Why is your mirtazapine not working?

As a BetterHelp affiliate, we may receive compensation from BetterHelp if you purchase products or services through the links provided

In this blog post, we are going to answer the question, “Why is your mirtazapine not working?”. Mirtazapine is an antidepressant which is used to treat a number of mental health related problems. 

However, this antidepressant may not work as well as it should. This blog will cover the reasons which may make your mirtazapine inefficient. 

Why is your mirtazapine not working?

Your mirtazapine may not work because of one or more of the following reasons:

  • Addition of another prescription medication 
  • Excessive use of alcohol and cigarettes smoking 
  • Other health conditions
  • An increase in stress levels 
  • Aging
  • Mirtazapine tolerance 
  • Worsening of depression 

Addition of another prescription medication 

An addition of another medication can cause your mirtazapine to stop working. Drug interaction is an actual problem but it is often neglected. Two drugs don’t just produce unwanted side effects when they interact together. 

Some drugs interact pharmacokinetically, which means that drugs can interfere with each other’s absorption, distribution, metabolism and excretion, abbreviated as ADME. There are plenty of drugs that can inhibit the proper absorption of your mirtazapine. 

You can’t expect your med to work if it doesn’t absorb in your blood properly which serves as a vehicle and takes the med to its respective binding receptors. Antibiotics are well known for making your mirtazapine and many other antidepressants ineffective. 

Steroids can also play a huge role and not just that, they can even make your depression worse. The heightened symptoms of your mental health illness makes the current dose of your antidepressant inefficient.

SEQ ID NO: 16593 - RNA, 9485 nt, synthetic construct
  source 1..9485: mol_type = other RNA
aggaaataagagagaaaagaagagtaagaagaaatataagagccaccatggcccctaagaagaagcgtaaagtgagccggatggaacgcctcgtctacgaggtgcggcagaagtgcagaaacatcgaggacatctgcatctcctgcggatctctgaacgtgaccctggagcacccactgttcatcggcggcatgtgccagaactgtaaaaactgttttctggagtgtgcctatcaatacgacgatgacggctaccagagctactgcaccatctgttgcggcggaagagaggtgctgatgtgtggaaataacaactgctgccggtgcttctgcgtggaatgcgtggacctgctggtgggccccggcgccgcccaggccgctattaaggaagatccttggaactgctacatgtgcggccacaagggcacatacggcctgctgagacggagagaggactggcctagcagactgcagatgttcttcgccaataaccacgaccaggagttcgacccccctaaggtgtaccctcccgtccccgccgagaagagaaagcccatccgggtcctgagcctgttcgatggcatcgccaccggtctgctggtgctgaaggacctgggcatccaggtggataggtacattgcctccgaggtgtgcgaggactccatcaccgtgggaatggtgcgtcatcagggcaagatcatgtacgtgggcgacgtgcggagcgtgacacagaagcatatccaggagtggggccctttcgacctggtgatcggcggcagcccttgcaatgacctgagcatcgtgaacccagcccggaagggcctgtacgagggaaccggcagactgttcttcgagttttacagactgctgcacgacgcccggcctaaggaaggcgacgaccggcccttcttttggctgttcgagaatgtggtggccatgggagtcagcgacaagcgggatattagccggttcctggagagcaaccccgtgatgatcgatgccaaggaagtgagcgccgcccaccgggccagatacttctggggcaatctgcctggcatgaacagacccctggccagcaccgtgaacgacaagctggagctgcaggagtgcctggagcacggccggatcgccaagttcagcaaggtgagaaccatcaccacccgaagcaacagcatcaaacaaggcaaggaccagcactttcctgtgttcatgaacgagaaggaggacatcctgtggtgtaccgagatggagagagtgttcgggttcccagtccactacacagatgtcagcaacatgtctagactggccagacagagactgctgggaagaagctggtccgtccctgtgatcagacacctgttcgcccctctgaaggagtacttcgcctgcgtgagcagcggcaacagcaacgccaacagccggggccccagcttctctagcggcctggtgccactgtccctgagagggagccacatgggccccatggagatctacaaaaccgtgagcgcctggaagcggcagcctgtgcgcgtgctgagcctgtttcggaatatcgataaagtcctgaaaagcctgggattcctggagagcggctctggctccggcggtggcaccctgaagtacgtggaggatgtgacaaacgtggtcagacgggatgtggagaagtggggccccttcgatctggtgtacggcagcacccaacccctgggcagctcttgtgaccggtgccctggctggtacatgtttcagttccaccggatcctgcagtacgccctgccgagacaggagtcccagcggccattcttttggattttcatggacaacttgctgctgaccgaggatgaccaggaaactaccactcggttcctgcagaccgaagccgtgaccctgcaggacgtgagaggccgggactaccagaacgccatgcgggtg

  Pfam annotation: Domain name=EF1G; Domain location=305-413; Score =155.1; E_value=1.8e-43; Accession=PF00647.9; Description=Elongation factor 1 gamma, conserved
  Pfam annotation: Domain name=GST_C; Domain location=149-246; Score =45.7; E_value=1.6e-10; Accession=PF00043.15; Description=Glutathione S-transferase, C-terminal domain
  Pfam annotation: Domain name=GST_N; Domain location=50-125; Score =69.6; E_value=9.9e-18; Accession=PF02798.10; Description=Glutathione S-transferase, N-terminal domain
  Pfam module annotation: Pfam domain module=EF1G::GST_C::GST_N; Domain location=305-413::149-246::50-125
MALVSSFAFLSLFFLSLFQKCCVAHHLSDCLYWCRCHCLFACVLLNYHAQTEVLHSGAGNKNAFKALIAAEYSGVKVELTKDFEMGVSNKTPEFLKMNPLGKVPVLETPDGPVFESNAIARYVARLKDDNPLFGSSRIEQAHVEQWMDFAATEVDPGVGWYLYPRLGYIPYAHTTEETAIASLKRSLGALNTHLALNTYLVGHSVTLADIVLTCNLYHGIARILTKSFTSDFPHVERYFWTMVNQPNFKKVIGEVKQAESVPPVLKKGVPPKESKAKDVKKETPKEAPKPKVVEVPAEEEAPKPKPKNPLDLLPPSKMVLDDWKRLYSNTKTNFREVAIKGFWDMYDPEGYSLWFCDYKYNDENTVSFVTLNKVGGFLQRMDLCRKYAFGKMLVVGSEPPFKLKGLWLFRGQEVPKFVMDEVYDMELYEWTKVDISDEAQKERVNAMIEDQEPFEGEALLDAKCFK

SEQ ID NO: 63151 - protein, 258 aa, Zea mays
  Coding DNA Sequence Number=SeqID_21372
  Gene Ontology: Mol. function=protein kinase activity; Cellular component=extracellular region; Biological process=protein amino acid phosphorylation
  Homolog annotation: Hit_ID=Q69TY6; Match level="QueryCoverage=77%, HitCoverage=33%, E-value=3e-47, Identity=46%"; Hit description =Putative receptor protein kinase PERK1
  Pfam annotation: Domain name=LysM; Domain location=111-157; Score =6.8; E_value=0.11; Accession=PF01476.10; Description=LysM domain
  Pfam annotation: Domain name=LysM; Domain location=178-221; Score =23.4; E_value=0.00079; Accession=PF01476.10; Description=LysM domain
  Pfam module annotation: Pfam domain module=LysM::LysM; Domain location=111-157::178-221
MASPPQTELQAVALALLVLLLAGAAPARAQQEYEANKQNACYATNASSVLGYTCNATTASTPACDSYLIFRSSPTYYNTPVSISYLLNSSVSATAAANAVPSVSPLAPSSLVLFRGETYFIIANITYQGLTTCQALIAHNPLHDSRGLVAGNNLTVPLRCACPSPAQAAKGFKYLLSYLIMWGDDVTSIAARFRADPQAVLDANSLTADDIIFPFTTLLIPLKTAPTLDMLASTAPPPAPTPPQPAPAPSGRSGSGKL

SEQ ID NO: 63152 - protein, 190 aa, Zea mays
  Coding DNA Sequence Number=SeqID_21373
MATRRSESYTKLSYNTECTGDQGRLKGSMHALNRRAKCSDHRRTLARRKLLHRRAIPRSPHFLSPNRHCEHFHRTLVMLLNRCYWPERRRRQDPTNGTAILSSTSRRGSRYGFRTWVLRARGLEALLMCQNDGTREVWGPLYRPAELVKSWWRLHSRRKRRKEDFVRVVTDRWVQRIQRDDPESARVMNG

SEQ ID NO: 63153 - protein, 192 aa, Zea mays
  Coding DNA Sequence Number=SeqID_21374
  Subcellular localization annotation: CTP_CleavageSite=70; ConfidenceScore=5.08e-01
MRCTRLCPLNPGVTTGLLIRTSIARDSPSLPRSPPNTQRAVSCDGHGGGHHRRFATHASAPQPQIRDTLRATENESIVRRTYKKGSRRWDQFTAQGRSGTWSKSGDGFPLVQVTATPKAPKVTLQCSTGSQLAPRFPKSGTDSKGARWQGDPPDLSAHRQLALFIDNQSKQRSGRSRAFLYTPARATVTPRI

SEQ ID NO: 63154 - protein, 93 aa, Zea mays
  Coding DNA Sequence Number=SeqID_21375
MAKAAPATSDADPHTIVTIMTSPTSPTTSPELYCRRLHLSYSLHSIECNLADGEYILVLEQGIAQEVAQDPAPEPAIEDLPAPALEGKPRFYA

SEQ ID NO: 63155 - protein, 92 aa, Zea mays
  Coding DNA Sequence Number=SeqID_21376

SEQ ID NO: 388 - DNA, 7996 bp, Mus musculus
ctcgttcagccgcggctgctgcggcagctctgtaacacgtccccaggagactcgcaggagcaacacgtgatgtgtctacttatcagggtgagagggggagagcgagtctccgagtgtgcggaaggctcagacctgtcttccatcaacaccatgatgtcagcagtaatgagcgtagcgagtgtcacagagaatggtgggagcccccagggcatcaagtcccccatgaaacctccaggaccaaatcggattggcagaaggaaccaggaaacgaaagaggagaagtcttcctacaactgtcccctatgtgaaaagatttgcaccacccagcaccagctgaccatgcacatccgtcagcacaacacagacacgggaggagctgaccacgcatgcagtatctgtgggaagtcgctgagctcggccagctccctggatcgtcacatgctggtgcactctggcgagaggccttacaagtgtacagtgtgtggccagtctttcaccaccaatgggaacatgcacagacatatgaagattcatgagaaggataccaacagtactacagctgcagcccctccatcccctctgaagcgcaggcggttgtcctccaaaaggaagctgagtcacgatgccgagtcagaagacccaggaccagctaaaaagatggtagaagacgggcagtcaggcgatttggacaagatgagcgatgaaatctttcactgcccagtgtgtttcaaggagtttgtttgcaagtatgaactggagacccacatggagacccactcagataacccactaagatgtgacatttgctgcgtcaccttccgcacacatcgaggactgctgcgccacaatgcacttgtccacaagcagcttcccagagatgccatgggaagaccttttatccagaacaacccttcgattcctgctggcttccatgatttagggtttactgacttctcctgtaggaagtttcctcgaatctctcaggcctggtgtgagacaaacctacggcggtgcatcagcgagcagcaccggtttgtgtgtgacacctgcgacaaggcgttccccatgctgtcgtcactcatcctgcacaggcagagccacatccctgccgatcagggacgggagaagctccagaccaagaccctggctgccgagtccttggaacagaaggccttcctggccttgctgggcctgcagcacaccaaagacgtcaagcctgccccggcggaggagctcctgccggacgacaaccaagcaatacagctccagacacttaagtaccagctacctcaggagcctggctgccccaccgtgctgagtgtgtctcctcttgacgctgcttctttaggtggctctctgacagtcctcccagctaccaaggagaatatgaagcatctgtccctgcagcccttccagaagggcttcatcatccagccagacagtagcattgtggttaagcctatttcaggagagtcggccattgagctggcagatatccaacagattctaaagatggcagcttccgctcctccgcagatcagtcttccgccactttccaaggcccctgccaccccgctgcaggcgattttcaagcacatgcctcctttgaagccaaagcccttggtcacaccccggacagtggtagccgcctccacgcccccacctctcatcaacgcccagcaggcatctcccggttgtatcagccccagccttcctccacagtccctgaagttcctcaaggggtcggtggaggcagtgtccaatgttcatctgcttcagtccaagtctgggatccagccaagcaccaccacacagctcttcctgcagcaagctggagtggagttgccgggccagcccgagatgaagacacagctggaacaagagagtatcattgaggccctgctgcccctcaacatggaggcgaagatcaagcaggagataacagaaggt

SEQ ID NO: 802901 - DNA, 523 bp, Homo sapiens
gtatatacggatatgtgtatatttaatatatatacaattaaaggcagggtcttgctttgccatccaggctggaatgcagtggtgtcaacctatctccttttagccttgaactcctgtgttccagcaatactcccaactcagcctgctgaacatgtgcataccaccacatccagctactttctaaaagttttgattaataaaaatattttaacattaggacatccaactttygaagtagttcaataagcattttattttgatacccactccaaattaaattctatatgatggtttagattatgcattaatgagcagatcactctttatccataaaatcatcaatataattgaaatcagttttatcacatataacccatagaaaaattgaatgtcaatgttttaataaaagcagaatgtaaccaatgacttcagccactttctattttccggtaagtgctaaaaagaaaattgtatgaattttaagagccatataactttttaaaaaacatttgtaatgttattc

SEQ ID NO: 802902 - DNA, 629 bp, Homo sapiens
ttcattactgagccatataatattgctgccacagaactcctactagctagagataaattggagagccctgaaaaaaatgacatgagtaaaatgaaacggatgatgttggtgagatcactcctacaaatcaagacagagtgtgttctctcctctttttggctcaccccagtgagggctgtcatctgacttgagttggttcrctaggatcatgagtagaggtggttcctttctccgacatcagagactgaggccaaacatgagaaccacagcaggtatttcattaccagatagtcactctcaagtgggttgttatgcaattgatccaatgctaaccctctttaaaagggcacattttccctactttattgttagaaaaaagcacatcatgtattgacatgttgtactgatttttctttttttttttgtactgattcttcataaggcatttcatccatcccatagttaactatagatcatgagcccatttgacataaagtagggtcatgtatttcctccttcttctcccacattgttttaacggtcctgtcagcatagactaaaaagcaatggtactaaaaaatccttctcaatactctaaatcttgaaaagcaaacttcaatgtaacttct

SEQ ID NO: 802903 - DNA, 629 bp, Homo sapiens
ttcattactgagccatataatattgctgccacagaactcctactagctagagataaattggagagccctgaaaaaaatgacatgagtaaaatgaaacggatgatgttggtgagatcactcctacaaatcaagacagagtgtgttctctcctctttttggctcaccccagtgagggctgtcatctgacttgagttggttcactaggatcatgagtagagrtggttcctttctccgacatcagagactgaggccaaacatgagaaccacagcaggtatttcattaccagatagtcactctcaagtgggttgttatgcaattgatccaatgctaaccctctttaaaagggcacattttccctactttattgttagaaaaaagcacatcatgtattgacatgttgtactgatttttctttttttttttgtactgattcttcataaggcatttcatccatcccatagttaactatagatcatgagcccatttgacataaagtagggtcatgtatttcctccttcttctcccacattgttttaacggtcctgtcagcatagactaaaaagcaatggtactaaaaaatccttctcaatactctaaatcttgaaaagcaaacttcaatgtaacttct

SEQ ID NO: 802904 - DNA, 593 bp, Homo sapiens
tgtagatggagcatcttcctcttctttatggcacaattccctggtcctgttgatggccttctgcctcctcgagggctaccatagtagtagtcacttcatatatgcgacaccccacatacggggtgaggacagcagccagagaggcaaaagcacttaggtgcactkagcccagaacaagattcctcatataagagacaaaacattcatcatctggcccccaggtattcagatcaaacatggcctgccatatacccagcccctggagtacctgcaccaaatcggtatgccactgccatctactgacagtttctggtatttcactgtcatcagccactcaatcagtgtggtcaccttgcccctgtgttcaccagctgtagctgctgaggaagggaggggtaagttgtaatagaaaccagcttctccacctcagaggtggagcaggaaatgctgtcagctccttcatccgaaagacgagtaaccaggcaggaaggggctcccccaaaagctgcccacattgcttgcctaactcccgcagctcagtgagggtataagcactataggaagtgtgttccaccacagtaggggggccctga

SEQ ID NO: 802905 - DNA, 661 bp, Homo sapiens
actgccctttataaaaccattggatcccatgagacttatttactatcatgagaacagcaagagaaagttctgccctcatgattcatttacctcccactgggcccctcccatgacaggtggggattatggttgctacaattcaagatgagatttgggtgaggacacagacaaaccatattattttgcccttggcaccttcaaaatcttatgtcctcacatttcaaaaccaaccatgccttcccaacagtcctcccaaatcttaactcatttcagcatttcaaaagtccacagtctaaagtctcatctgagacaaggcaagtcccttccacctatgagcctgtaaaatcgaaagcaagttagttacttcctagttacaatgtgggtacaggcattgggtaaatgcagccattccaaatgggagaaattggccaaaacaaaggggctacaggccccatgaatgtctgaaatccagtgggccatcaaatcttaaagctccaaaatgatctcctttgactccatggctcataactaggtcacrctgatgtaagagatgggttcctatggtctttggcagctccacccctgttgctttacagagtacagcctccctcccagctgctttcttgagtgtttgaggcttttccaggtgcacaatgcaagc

The escalation in dose may help to gain that effectiveness back, but if Steroids are continued with it, there’s a chance of the same thing happening again. Make sure you don’t take any medication along with your antidepressant that can interact with it and make it inefficient. 

Excessive use of alcohol and cigarettes smoking 

Experts have indicated that excessive use of alcohol can really make your antidepressant inefficient. Not just this, but the combined use of alcohol and mirtazapine can make your symptoms much worse. 

Studies suggest that alcohol numbs down your brain and trigger an episode of depression and may also induce suicidal behavior. Alcohol can also mess with the absorption of your mirtazapine and as stated earlier, your med doesn’t work if it’s not absorbed properly. 

Cigarette smoking produces the same effect. Not just this, it also interacts with your symptoms while your mirtazapine still works. It can enhance the side effects of your antidepressant like insomnia and loss of appetite. 

Both cigarette smoking and alcohol can interfere with the metabolism of mirtazapine and may result in toxicity because so many toxins become difficult for your liver to metabolise and it may start malfunctioning. 

It is advised to not drink alcohol while you’re on mirtazapine, especially if you’re taking this antidepressant for major depressive disorder (MDD). 

Other health condition

Other health related problems may also contribute to the inefficiency of your mirtazapine. Studies suggest that people who have other chronic conditions like hypertension, diabetes or some respiratory illness may experience antidepressant inefficiency

This is because these conditions can reduce the quality of your life and may trigger episodes of depression that may become difficult for your mirtazapine to control. The appropriate dose of your antidepressant is determined carefully in order to match your symptoms. 

It’s like having 2 bullets to shoot 2 targets. When you have more targets, your 2 bullets won’t suffice. This is exactly the case with depression. If your depression becomes worse but you’re on the same dose, you will definitely experience inefficiency at some point of your treatment.